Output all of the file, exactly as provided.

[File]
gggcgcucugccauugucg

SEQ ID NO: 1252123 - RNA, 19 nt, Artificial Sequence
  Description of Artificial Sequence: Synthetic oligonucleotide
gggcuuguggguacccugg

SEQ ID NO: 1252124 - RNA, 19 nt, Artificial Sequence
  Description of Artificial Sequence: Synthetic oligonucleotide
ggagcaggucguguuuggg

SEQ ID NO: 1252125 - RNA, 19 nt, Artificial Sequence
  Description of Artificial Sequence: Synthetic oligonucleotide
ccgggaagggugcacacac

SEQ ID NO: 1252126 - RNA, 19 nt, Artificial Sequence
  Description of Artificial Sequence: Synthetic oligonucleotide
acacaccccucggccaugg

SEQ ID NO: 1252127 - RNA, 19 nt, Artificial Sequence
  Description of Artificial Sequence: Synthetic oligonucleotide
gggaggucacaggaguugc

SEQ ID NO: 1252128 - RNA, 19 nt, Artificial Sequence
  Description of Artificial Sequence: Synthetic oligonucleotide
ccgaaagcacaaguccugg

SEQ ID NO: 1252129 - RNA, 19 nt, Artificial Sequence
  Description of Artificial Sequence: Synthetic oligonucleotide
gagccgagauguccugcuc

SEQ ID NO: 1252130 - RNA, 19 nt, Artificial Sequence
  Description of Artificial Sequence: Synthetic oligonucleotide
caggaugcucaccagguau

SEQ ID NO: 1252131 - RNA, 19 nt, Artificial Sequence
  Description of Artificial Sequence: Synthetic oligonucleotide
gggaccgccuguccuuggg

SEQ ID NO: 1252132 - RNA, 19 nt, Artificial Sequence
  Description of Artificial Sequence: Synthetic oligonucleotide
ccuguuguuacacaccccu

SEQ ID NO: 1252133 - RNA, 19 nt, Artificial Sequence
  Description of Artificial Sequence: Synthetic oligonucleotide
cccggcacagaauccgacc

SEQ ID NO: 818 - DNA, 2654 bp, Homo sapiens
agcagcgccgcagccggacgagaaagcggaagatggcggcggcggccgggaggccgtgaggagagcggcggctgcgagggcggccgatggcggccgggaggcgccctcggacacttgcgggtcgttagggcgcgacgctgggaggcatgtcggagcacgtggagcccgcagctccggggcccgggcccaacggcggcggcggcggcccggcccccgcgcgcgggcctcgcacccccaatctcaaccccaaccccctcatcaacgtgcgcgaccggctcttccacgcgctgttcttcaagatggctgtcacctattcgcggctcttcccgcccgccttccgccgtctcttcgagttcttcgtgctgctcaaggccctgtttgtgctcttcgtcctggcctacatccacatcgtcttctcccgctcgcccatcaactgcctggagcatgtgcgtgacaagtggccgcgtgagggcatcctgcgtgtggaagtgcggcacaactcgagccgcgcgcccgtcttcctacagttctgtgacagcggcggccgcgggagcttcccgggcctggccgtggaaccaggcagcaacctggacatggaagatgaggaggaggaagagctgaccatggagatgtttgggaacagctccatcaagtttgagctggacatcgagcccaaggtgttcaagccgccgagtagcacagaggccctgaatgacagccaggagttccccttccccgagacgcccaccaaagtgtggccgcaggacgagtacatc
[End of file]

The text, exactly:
gggcgcucugccauugucg

SEQ ID NO: 1252123 - RNA, 19 nt, Artificial Sequence
  Description of Artificial Sequence: Synthetic oligonucleotide
gggcuuguggguacccugg

SEQ ID NO: 1252124 - RNA, 19 nt, Artificial Sequence
  Description of Artificial Sequence: Synthetic oligonucleotide
ggagcaggucguguuuggg

SEQ ID NO: 1252125 - RNA, 19 nt, Artificial Sequence
  Description of Artificial Sequence: Synthetic oligonucleotide
ccgggaagggugcacacac

SEQ ID NO: 1252126 - RNA, 19 nt, Artificial Sequence
  Description of Artificial Sequence: Synthetic oligonucleotide
acacaccccucggccaugg

SEQ ID NO: 1252127 - RNA, 19 nt, Artificial Sequence
  Description of Artificial Sequence: Synthetic oligonucleotide
gggaggucacaggaguugc

SEQ ID NO: 1252128 - RNA, 19 nt, Artificial Sequence
  Description of Artificial Sequence: Synthetic oligonucleotide
ccgaaagcacaaguccugg

SEQ ID NO: 1252129 - RNA, 19 nt, Artificial Sequence
  Description of Artificial Sequence: Synthetic oligonucleotide
gagccgagauguccugcuc

SEQ ID NO: 1252130 - RNA, 19 nt, Artificial Sequence
  Description of Artificial Sequence: Synthetic oligonucleotide
caggaugcucaccagguau

SEQ ID NO: 1252131 - RNA, 19 nt, Artificial Sequence
  Description of Artificial Sequence: Synthetic oligonucleotide
gggaccgccuguccuuggg

SEQ ID NO: 1252132 - RNA, 19 nt, Artificial Sequence
  Description of Artificial Sequence: Synthetic oligonucleotide
ccuguuguuacacaccccu

SEQ ID NO: 1252133 - RNA, 19 nt, Artificial Sequence
  Description of Artificial Sequence: Synthetic oligonucleotide
cccggcacagaauccgacc

SEQ ID NO: 818 - DNA, 2654 bp, Homo sapiens
agcagcgccgcagccggacgagaaagcggaagatggcggcggcggccgggaggccgtgaggagagcggcggctgcgagggcggccgatggcggccgggaggcgccctcggacacttgcgggtcgttagggcgcgacgctgggaggcatgtcggagcacgtggagcccgcagctccggggcccgggcccaacggcggcggcggcggcccggcccccgcgcgcgggcctcgcacccccaatctcaaccccaaccccctcatcaacgtgcgcgaccggctcttccacgcgctgttcttcaagatggctgtcacctattcgcggctcttcccgcccgccttccgccgtctcttcgagttcttcgtgctgctcaaggccctgtttgtgctcttcgtcctggcctacatccacatcgtcttctcccgctcgcccatcaactgcctggagcatgtgcgtgacaagtggccgcgtgagggcatcctgcgtgtggaagtgcggcacaactcgagccgcgcgcccgtcttcctacagttctgtgacagcggcggccgcgggagcttcccgggcctggccgtggaaccaggcagcaacctggacatggaagatgaggaggaggaagagctgaccatggagatgtttgggaacagctccatcaagtttgagctggacatcgagcccaaggtgttcaagccgccgagtagcacagaggccctgaatgacagccaggagttccccttccccgagacgcccaccaaagtgtggccgcaggacgagtacatc